by KRISTIAN PETERSEN for NEW BOOKS IN ISLAMIC STUDIES on JUNE 2, 2016: 

Edward Said’s 1978 book, Orientalism, dramatically shifted how people think about the production of knowledge and representations of the Other. His ideas have been championed and critiqued with dozens of books expanding his work on the construction of the East in western imagination. However, very rarely have we investigated the dual move of representing the Other and self-representation from the other perspective. In his new book, Arab Occidentalism: Images of America in the Middle East (I.B.Tauris, 2015), Eid Mohamed, Assistant Professor at the Doha Institute for Graduate Studies, has undertaken this task.

With great success he offers a portrait of the shifting attitudes towards America and American Culture in the Arab imagination in the post 9/11 media landscape. He found that Arab cultural producers have a complicated relationship with America, seeing it as problematic while also often representative of their own values. Mohamed delineates how this debate unfolds in literature, cinema, and news media. In our conversation we explored the dynamics of Occidentalism through Arabic novels about Egyptians living abroad in the United States, news depictions of the 2008 shoe throwing event with President George W. Bush in Iraq, the reactions to the election of Barack Obama, the Egyptian film industry, and contemporary Arab-American literary products.

LISTEN TO INTERVIEW WITH MOHAMED

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by JULIE POUCHER HARBIN, EDITOR, ISLAMiCommentary on DECEMBER 21, 2015:

Rashid Khalidi talked with Shai Ginsburg about the role of the historian, his take on violence in the Middle East and his new book project on the hundred year war in Palestine — in this an interview recorded in October 2015 during Khalidi’s visit to Duke. Sponsored by the Duke University Middle East Studies Center, Khalidi’s visit also included a public lecture (Watch Here) and a faculty symposium (see Ginsburg’s remarks here) on his work.

Rashid Khalidi is the Edward Said Professor of Modern Arab Studies in the Department of History at Columbia University. Shai Ginsburg is an Associate Professor in the Department of Asian and Middle Eastern Studies at Duke University and affiliated faculty with the Duke Islamic Studies Center. Continue reading

Column » ‘By the Book’ with Joseph Preville

by JOSEPH RICHARD PREVILLE and JULIE POUCHER HARBIN  for ISLAMiCommentary on DECEMBER 4, 2015:

Is there a more tragic country in the world today than Syria ?  How did it descend into chaos, conflict, and crisis?

John McHugo offers some answers in Syria: A History of the Last Hundred Years (The New Press, 2015).

McHugo is a historian, international lawyer, and Arabic linguist.  Born in Croydon, England, he was educated at Oxford University and The American University in Cairo. McHugo is the author of A Concise History of the Arabs (Saqi Books, 2013; republished by The New Press, 2014) and the forthcoming book “The Forked Scimitar: A Concise History of Sunnis and Shi’is” (Saqi Books, 2017). He is also an adviser to Tim Farron, the leader of the British Liberal Democrat Party, on peace in the Middle East.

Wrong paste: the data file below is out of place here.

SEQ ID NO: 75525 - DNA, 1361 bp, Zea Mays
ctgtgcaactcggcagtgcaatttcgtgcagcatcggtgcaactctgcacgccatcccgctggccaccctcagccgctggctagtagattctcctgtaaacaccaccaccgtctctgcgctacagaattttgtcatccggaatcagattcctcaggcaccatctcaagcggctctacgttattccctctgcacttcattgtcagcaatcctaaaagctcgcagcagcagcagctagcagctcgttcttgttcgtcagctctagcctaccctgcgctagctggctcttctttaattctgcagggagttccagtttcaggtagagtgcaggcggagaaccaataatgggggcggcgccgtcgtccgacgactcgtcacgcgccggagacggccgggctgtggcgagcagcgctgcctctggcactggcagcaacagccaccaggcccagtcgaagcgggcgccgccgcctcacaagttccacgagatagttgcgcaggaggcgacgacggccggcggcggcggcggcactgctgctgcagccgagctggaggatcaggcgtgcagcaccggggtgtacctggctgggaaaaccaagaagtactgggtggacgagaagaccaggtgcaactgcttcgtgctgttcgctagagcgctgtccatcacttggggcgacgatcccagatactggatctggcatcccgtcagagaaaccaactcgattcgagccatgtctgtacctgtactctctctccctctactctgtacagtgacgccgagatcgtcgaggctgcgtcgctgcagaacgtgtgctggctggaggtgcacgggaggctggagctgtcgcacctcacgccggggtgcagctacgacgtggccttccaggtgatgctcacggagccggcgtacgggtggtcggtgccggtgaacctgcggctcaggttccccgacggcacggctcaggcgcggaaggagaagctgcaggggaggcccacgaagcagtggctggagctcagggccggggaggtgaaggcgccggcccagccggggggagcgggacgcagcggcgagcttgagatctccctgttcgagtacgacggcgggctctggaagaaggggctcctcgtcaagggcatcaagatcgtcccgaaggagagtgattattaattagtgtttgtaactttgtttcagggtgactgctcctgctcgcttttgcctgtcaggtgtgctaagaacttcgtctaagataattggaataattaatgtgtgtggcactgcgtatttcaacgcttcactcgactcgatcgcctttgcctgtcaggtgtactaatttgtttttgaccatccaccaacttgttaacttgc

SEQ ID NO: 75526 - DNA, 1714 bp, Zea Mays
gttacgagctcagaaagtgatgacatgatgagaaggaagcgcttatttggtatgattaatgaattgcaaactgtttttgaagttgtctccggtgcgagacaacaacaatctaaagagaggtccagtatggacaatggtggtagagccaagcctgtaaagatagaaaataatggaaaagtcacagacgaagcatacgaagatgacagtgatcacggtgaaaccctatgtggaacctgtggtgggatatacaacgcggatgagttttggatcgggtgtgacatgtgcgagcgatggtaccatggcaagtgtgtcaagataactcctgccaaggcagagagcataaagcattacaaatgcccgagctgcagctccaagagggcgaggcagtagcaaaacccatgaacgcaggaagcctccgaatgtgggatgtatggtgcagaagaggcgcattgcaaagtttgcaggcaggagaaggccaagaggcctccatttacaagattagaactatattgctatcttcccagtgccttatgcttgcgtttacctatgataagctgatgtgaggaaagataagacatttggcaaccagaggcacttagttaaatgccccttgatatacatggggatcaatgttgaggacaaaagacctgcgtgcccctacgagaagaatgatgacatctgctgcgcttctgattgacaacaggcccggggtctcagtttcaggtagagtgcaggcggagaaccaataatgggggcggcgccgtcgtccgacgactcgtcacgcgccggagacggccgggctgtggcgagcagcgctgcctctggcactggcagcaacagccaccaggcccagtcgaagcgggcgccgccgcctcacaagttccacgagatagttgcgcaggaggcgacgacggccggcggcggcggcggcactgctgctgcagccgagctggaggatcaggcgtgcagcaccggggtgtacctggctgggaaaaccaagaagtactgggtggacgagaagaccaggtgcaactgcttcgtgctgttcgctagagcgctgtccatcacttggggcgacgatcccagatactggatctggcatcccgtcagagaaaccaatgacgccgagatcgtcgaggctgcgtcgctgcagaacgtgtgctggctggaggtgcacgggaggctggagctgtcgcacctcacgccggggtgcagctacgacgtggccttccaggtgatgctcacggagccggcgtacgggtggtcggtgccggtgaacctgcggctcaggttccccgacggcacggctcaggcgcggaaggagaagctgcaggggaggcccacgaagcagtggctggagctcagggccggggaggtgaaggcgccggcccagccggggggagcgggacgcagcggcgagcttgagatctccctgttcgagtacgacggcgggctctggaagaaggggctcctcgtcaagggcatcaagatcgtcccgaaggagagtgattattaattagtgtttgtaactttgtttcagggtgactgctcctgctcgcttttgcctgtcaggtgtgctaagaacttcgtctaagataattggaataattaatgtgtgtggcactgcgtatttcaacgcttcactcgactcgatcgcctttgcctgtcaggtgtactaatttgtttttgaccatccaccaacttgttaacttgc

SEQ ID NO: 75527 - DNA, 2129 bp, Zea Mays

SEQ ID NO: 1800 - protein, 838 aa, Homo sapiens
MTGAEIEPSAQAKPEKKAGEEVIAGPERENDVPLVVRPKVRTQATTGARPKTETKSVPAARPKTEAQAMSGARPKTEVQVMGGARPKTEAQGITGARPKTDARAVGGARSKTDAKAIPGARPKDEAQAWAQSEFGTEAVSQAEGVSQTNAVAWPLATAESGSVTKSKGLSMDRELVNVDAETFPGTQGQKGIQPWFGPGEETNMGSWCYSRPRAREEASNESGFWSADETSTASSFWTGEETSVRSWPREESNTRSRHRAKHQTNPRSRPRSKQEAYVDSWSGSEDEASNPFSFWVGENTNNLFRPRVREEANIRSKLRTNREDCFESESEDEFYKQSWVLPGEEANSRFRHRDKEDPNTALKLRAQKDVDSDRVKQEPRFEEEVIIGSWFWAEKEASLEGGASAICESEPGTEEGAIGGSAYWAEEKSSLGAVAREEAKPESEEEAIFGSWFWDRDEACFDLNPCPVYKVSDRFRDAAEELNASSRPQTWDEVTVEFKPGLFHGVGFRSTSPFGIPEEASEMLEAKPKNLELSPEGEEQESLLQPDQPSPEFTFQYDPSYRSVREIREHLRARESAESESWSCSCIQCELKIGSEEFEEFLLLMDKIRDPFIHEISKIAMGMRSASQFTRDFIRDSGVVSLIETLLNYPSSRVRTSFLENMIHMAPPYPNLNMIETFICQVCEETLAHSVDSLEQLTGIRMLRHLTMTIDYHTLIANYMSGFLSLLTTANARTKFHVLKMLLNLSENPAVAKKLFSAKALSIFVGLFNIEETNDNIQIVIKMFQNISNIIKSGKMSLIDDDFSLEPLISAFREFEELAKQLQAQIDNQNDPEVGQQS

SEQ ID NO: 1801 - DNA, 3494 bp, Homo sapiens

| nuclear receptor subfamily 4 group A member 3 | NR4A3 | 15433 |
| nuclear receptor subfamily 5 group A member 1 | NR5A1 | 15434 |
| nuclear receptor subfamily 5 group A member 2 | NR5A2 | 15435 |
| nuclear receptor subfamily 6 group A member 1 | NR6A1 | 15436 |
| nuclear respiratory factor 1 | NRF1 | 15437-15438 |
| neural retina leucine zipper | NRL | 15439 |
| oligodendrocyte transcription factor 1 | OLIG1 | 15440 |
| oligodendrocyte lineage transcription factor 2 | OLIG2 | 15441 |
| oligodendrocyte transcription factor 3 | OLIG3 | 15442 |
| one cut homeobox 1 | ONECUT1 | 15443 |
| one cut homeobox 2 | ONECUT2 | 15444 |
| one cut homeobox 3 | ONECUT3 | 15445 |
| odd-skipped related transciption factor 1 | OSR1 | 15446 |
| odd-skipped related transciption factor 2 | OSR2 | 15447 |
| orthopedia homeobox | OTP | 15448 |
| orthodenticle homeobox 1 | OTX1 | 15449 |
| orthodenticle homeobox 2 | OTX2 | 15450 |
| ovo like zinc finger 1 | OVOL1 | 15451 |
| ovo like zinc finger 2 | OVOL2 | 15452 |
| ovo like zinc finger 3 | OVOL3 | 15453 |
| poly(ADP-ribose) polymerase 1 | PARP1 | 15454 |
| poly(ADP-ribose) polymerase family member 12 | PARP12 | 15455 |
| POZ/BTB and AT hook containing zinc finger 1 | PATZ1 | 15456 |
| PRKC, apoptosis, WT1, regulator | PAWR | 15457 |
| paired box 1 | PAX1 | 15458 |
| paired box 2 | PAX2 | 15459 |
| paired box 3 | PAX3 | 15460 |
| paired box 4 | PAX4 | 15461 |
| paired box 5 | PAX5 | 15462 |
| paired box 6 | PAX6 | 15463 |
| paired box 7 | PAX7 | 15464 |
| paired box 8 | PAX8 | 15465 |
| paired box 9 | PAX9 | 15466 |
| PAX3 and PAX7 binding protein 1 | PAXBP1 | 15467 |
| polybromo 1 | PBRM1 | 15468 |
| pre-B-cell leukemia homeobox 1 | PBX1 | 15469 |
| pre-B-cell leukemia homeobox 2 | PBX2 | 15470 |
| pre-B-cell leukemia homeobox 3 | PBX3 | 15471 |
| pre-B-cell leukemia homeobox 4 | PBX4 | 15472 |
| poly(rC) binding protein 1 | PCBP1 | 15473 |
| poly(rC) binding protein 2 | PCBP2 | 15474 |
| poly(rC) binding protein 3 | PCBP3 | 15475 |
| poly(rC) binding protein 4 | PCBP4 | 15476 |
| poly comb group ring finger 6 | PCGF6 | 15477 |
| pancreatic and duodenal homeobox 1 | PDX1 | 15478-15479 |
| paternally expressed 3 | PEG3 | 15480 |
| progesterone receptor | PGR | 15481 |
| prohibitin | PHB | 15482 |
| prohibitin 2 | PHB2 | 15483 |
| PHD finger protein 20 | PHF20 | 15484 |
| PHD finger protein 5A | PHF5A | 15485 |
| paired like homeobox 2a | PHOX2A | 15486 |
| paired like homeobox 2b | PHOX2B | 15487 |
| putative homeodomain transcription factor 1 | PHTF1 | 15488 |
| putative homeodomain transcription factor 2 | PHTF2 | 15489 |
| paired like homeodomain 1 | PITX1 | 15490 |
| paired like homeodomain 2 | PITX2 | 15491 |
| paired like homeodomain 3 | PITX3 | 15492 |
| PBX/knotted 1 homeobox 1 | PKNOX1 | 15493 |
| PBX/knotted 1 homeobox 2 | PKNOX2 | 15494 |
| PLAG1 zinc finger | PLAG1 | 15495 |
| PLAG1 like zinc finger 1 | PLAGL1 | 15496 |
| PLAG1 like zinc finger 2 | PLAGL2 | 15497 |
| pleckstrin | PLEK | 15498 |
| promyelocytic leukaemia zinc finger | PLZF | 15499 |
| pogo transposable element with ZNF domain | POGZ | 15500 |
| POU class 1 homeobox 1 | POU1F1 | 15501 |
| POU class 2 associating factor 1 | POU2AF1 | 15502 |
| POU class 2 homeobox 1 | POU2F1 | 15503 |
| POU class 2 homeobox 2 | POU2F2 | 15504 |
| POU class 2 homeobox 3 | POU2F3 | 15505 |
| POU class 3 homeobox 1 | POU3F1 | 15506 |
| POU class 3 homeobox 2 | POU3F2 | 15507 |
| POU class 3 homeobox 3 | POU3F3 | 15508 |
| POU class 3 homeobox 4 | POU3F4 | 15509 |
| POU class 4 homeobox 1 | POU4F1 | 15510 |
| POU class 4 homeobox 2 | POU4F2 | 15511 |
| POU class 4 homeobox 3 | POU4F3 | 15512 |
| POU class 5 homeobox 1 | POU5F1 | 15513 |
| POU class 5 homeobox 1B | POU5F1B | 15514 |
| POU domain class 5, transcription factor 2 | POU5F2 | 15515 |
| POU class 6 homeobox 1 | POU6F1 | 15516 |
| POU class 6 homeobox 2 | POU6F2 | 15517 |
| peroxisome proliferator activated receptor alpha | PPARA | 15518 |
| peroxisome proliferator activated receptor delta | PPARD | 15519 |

The long story of Syria is marked by centuries of conquest. McHugo states that Syria “has constantly been ruled and occupied (and sometimes partitioned) by strong rulers who came from elsewhere.” In the last hundred years, Syria’s fate was determined by Western powers and the regional turmoil they created.

“It is not an exaggeration,” he writes, “to say that the actions of the great powers in the aftermath of the Great War and over the following decades deprived the people of Syria of any chance of a normal development to nationhood.”

John McHugo reviews Syria’s complex history and offers insight into its future in this timely interview. Continue reading

by JULIE POUCHER HARBIN, EDITOR, ISLAMiCommentary on NOVEMBER 23, 2015 *updated on Nov. 25: 

ISLAMiCommentary attended the annual Middle East Studies Association meeting this year (Nov. 21-24) — where hundreds of scholars from all over the world have gathered. See @ISLAMiComment on Twitter and also follow #MESA2015Denver and #MESA2015 for insightful tweets by scholars and other participants in this conference on a multitude of Middle East-related topics.

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ABOUT THE ABOVE RECORDING:

Maqam Rast (two parts)
Muhammad al-Qubbanchi
First Cairo Congress of Arab Music (1932)
Cairo, Egypt. 78rpm recording.

Maqam Rast by Muhammad al-Qubbanchi and members of the Iraqi delegation to the First Cairo Congress of Arab Music (Le Congrès du Caire) in Egypt, ِ1932. The poetry sung here is a takhmis by Sayyid Ja’far al-Hilli al-Najafi (1861-1898) of a poem by Muhammad Sa’id al-Habbubi (1849-1916).

by ABDUL SATTAR JAWAD for ISLAMiCommentary on SEPTEMBER 16, 2015: 

Remembering Baghdad in the salad days or during the monarchy era, seems now as if retrieving a reverie from the time of yore or as the Arab narrative goes : kan ya ma kan. What happened to Baghdad, Scheherazade’s abode, in the last sixty years or so, invites a flow of memories and emotions.

Having been born in a mixed neighborhood of this cosmopolitan city in 1943 , I still long for a time when religion was not an issue. Tolerance was a value to maintain and honor. Everyone cherished it. Continue reading